I wrote a couple of weeks ago about the way in which the words “able and qualified” are threaded through the school and two events this week have again caused me to reflect upon the importance of our students being “able”.
The first was on Wednesday when all of our Year 7 students experienced training as part of “Restart a Heart Day”. Faced with a dummy model, they were trained in basic resuscitation techniques and talked through the actions they should take if they were ever to encounter someone in this type of situation. This may seem quite a daunting thing for Year 7 students to consider but the way in which they approached the session was hugely impressive: mature, focused and ready to learn.
Yesterday I went with our Sixth Form Officers to a meeting of the Wallingford Neighbourhood Plan Steering Group in order to provide some feedback to them from our students about the Wallingford Neighbourhood Plan which is currently open for consultation. As ever, our students were great and their reflections were both sharp and reflective. They said that they value the green spaces in the town, appreciate the facilities available to them, notably for sport in particular, and are concerned about traffic in and around the town both in terms of congestion and its environmental impact. The last point was unsurprising in the light of the strong feelings amongst the student body about the effects of climate change and this led on to a very interesting discussion about carbon-neutral housing and why there does not seem to be more of it in new developments. What was great was not just the content of the discussion but also that the young people of our school were interacting with volunteers who give their time to benefit the local community in such a constructive and informed way.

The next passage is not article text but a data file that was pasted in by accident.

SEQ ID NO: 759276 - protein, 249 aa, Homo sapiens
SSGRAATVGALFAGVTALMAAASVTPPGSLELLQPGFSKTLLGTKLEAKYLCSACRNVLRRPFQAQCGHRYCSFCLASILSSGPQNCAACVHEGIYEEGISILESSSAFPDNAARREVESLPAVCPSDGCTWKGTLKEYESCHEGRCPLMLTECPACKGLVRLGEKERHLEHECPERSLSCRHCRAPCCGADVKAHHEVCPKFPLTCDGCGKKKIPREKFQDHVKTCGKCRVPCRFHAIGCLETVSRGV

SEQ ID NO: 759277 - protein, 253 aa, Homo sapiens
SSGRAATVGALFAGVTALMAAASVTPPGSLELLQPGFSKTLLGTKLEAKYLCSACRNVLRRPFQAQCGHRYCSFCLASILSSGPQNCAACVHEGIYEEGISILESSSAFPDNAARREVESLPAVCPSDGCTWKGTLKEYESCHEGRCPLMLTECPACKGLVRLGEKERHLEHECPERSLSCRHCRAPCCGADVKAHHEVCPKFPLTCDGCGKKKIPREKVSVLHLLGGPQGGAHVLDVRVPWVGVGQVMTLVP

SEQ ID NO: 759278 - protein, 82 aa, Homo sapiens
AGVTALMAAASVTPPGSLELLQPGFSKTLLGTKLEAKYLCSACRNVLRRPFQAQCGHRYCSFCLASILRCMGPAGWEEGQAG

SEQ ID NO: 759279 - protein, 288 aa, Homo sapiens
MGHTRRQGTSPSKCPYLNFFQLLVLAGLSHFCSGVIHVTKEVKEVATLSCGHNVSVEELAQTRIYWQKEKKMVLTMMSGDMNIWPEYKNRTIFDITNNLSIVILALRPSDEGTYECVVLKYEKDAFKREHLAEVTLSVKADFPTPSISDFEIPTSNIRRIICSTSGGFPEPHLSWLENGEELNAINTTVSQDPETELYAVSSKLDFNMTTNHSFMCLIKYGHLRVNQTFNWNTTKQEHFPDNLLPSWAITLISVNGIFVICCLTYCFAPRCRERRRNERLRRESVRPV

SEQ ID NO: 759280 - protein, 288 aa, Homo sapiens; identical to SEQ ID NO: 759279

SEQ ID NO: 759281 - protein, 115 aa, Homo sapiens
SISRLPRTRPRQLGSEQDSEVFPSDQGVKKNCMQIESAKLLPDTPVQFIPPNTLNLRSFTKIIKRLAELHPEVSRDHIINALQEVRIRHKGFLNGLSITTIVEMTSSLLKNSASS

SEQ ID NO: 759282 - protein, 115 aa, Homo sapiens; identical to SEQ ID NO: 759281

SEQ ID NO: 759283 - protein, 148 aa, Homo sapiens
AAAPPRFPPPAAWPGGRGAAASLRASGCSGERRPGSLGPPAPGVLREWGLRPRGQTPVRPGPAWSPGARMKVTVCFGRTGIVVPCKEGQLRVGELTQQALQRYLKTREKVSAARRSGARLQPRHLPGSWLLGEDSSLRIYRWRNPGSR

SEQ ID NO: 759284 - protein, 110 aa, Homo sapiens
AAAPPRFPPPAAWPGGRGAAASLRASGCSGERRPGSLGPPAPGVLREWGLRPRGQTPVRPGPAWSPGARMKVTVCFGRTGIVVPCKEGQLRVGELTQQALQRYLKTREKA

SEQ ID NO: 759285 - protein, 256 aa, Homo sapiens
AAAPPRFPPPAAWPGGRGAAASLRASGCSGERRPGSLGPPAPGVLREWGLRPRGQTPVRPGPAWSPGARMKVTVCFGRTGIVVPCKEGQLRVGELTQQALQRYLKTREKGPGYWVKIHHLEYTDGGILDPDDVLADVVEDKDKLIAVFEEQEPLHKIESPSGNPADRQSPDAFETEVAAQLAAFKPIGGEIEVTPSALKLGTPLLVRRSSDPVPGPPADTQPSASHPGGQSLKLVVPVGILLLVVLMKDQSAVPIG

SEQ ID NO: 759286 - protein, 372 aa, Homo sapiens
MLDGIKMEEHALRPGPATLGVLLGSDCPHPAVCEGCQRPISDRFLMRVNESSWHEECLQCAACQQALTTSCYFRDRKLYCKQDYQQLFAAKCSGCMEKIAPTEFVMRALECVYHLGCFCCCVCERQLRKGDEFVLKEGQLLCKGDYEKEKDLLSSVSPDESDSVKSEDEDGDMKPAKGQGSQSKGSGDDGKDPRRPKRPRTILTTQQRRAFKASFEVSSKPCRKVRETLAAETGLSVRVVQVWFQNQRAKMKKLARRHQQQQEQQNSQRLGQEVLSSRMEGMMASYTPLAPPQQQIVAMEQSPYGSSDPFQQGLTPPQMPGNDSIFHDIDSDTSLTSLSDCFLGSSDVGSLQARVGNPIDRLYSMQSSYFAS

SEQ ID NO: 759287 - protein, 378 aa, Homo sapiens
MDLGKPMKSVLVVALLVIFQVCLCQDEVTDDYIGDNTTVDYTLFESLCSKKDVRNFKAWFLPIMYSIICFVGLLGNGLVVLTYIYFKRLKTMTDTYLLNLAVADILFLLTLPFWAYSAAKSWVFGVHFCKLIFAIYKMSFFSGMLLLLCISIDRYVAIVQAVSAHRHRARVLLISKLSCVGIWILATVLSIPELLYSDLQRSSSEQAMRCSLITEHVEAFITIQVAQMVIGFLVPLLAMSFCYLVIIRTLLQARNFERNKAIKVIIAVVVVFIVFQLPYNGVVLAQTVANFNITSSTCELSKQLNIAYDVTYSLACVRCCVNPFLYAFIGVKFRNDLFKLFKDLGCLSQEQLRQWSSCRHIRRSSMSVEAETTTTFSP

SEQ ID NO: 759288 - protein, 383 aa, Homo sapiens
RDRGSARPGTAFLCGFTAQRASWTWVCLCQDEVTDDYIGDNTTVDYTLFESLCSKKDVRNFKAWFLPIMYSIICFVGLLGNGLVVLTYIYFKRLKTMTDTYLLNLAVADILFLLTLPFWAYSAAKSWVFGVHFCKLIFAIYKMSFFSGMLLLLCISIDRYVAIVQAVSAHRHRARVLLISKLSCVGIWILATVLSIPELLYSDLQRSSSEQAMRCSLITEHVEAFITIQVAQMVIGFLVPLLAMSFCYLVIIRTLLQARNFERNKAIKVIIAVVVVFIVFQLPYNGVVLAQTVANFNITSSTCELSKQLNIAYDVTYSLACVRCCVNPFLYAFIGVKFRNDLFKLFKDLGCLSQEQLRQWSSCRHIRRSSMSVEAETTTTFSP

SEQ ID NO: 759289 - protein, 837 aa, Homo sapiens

Both of these events – just two examples of a huge range of things which are happening in school and there is so much more which I could write about - made me think about the young people we work with. Firstly, how impressive they are whether they are 11 or 18 but also their desire to be responsible citizens and part of society; if we can encourage, support and nurture this in our school then we are getting things right.